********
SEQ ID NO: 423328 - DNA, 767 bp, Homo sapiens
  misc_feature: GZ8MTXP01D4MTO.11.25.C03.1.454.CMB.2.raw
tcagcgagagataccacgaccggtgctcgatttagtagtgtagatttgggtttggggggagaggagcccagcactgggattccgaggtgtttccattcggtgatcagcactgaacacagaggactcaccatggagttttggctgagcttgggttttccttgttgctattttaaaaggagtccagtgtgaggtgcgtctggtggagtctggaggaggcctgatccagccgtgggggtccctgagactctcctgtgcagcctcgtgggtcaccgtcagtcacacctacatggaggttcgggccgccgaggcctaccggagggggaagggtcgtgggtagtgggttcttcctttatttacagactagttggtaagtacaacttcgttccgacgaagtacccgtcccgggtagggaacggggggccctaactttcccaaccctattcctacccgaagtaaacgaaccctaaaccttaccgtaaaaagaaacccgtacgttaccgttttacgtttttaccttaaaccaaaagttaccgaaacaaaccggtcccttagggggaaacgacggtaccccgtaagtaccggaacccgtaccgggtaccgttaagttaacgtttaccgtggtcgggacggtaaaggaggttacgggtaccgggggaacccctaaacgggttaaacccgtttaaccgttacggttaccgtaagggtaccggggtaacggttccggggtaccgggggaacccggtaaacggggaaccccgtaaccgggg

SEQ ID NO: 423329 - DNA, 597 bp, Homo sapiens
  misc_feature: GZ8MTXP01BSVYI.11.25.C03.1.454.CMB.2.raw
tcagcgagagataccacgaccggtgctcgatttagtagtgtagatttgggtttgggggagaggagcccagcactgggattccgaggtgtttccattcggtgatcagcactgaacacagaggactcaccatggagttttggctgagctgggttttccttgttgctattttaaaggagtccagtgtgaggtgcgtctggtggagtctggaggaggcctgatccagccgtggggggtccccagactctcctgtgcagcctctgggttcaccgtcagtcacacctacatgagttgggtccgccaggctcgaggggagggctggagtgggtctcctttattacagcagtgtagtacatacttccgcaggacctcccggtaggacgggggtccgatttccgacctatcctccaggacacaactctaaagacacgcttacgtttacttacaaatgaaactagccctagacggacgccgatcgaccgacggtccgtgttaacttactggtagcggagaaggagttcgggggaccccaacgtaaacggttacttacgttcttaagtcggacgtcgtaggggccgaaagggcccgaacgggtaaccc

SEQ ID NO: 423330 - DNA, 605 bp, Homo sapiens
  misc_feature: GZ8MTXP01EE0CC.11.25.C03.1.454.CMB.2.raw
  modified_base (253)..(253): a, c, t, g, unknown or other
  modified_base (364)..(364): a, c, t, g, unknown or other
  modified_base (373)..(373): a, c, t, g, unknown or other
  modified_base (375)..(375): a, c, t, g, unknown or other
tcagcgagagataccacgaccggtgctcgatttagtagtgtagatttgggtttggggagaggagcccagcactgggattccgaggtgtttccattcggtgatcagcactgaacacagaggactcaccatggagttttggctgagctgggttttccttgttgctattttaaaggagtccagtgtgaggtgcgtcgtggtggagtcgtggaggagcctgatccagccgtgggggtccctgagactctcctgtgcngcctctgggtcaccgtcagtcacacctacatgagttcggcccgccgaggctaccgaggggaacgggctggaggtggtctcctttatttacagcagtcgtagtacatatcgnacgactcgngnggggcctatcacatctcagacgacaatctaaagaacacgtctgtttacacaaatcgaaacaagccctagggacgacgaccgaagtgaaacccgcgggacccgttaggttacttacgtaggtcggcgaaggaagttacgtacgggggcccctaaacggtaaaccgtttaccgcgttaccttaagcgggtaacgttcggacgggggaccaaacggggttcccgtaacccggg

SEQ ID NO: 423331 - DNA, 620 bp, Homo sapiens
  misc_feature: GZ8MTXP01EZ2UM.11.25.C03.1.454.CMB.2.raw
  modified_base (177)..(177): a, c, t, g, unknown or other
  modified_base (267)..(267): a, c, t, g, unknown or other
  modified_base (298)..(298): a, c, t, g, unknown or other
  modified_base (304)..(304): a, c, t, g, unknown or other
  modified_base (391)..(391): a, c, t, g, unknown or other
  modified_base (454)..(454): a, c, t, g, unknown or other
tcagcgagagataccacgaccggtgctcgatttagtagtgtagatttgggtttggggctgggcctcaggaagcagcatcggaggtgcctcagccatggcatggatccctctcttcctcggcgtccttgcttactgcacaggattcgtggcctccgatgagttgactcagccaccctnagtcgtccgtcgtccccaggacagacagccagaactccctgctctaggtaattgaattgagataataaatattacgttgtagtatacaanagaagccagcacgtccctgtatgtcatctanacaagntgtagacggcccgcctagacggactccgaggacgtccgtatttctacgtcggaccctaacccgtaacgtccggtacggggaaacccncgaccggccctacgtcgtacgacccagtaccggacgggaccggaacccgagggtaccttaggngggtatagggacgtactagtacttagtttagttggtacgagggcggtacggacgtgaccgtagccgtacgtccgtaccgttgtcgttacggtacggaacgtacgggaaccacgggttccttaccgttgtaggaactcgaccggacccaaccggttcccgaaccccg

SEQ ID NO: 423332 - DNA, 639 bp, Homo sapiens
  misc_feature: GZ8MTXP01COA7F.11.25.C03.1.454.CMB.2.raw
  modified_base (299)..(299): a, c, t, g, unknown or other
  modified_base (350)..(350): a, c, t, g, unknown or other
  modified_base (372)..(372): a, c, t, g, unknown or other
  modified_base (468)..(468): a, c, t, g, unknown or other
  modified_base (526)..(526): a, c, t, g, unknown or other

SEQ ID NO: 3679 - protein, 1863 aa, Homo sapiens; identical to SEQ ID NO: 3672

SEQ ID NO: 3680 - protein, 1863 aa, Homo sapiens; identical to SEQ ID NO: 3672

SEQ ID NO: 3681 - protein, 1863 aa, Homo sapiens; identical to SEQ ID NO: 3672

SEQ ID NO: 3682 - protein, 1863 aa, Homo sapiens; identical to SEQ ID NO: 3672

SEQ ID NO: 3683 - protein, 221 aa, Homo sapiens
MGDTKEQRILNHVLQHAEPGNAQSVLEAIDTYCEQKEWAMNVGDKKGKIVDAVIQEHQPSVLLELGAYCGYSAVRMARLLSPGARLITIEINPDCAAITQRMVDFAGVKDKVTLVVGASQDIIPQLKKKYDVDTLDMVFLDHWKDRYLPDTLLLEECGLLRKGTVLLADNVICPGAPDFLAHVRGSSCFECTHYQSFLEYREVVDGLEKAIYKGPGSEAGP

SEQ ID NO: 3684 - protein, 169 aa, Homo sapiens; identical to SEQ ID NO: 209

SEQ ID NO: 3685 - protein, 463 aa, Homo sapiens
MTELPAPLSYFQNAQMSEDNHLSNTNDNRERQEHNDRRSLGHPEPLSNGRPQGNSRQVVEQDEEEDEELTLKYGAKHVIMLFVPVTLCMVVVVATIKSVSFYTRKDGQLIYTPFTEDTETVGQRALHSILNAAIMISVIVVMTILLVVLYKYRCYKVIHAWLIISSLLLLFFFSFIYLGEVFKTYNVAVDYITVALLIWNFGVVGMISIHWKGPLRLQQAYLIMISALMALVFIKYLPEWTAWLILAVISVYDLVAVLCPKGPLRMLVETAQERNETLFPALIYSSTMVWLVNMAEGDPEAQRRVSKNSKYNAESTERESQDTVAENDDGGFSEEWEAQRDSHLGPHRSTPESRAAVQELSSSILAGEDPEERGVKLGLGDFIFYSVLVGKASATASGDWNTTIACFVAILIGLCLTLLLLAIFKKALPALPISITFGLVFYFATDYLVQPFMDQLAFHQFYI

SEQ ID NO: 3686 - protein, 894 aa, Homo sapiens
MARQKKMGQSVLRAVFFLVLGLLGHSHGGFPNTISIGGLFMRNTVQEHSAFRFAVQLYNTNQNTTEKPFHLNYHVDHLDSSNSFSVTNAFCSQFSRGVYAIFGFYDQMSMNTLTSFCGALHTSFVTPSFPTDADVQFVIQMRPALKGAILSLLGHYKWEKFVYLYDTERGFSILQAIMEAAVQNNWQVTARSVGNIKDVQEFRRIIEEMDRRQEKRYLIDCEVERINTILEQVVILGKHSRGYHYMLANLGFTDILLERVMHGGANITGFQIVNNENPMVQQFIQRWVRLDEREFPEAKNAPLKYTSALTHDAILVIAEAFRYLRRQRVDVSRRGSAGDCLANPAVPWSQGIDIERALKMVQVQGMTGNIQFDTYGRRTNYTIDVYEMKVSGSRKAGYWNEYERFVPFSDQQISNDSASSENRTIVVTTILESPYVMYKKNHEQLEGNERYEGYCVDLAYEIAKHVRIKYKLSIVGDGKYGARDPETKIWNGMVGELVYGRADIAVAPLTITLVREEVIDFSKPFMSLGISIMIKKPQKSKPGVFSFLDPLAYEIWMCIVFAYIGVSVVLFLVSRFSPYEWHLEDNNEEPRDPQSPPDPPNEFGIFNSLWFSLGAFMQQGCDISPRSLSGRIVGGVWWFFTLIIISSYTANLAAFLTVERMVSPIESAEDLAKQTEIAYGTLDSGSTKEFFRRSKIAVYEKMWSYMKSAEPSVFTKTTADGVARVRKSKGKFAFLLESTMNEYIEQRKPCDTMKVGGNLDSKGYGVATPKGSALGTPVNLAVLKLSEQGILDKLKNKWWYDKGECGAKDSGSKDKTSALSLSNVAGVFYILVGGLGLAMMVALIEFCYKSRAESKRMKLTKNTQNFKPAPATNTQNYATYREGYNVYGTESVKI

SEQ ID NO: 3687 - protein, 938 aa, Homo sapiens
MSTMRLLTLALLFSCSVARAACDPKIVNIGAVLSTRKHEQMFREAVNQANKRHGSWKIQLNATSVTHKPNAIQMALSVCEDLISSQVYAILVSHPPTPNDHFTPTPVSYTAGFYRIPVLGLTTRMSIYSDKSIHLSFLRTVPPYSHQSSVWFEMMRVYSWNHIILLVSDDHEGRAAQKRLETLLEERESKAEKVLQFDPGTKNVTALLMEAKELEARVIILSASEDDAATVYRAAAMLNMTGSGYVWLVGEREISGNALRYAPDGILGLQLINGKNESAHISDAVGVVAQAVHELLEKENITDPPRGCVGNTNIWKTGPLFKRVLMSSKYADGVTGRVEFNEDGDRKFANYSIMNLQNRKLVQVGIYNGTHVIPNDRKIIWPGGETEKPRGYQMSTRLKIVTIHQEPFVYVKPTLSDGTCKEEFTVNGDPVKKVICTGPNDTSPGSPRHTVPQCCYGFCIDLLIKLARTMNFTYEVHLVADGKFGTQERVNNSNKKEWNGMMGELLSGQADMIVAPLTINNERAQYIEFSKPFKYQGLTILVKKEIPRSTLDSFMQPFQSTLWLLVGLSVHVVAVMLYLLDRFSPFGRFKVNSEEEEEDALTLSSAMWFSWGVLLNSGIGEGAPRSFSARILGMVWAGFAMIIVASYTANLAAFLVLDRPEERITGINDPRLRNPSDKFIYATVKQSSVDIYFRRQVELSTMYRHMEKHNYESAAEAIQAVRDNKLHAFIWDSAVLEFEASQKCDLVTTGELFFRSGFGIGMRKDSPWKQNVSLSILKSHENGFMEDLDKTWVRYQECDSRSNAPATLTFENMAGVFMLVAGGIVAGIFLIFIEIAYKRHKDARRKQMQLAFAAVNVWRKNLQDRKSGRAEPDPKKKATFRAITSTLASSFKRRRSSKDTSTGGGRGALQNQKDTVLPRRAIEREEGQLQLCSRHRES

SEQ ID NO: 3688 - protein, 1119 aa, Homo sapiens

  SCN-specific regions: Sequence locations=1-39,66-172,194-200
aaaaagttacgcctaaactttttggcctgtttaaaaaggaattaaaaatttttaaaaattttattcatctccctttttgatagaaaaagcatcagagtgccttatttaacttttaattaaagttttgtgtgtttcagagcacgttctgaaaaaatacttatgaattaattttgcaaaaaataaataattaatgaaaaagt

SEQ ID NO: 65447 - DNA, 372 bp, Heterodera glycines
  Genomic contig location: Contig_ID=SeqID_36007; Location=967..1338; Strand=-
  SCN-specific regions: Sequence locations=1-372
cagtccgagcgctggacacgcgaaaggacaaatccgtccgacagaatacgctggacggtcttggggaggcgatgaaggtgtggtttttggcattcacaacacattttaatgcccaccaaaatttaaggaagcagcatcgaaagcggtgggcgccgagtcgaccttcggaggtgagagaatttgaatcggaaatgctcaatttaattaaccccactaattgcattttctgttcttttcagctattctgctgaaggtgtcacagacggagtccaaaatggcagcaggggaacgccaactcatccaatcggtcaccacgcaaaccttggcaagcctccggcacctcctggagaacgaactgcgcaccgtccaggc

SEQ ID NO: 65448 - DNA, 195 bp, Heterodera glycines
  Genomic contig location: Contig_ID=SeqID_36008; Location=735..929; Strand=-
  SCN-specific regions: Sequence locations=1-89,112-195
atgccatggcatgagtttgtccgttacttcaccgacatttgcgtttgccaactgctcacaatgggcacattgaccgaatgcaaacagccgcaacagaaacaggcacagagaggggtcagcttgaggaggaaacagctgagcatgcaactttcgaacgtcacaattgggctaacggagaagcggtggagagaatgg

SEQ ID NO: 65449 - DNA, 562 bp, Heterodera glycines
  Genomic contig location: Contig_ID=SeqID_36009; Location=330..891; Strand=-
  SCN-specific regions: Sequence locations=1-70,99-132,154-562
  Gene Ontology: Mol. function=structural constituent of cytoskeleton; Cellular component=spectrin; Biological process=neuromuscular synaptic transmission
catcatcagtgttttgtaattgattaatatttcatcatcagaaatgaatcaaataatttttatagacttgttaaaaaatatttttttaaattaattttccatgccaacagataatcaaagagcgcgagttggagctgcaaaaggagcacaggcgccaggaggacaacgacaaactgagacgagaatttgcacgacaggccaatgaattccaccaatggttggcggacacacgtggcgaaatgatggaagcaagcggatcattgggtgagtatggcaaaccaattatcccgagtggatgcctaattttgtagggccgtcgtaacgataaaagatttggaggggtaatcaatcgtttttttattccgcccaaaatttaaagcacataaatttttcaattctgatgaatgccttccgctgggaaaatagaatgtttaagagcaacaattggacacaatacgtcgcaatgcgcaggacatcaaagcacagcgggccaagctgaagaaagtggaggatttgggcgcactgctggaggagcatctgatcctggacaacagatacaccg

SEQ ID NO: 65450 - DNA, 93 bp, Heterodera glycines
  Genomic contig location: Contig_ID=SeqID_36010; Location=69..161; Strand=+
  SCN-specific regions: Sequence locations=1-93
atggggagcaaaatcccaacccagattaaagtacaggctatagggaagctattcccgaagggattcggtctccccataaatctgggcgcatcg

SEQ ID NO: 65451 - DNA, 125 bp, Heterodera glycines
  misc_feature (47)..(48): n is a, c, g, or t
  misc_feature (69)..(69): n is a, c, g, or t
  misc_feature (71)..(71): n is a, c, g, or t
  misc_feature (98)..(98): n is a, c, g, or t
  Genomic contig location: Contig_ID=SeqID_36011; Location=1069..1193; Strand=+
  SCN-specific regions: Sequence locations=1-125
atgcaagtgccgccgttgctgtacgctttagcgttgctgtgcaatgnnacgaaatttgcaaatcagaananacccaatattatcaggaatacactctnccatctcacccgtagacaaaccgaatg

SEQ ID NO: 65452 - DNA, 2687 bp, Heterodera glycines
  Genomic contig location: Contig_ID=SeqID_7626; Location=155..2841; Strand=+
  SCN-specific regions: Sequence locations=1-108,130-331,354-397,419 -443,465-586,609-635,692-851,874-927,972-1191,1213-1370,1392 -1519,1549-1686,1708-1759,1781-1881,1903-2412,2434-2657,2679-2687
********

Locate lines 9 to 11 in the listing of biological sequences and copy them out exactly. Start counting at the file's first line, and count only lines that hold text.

  modified_base (253)..(253): a, c, t, g, unknown or other
  modified_base (364)..(364): a, c, t, g, unknown or other
  modified_base (373)..(373): a, c, t, g, unknown or other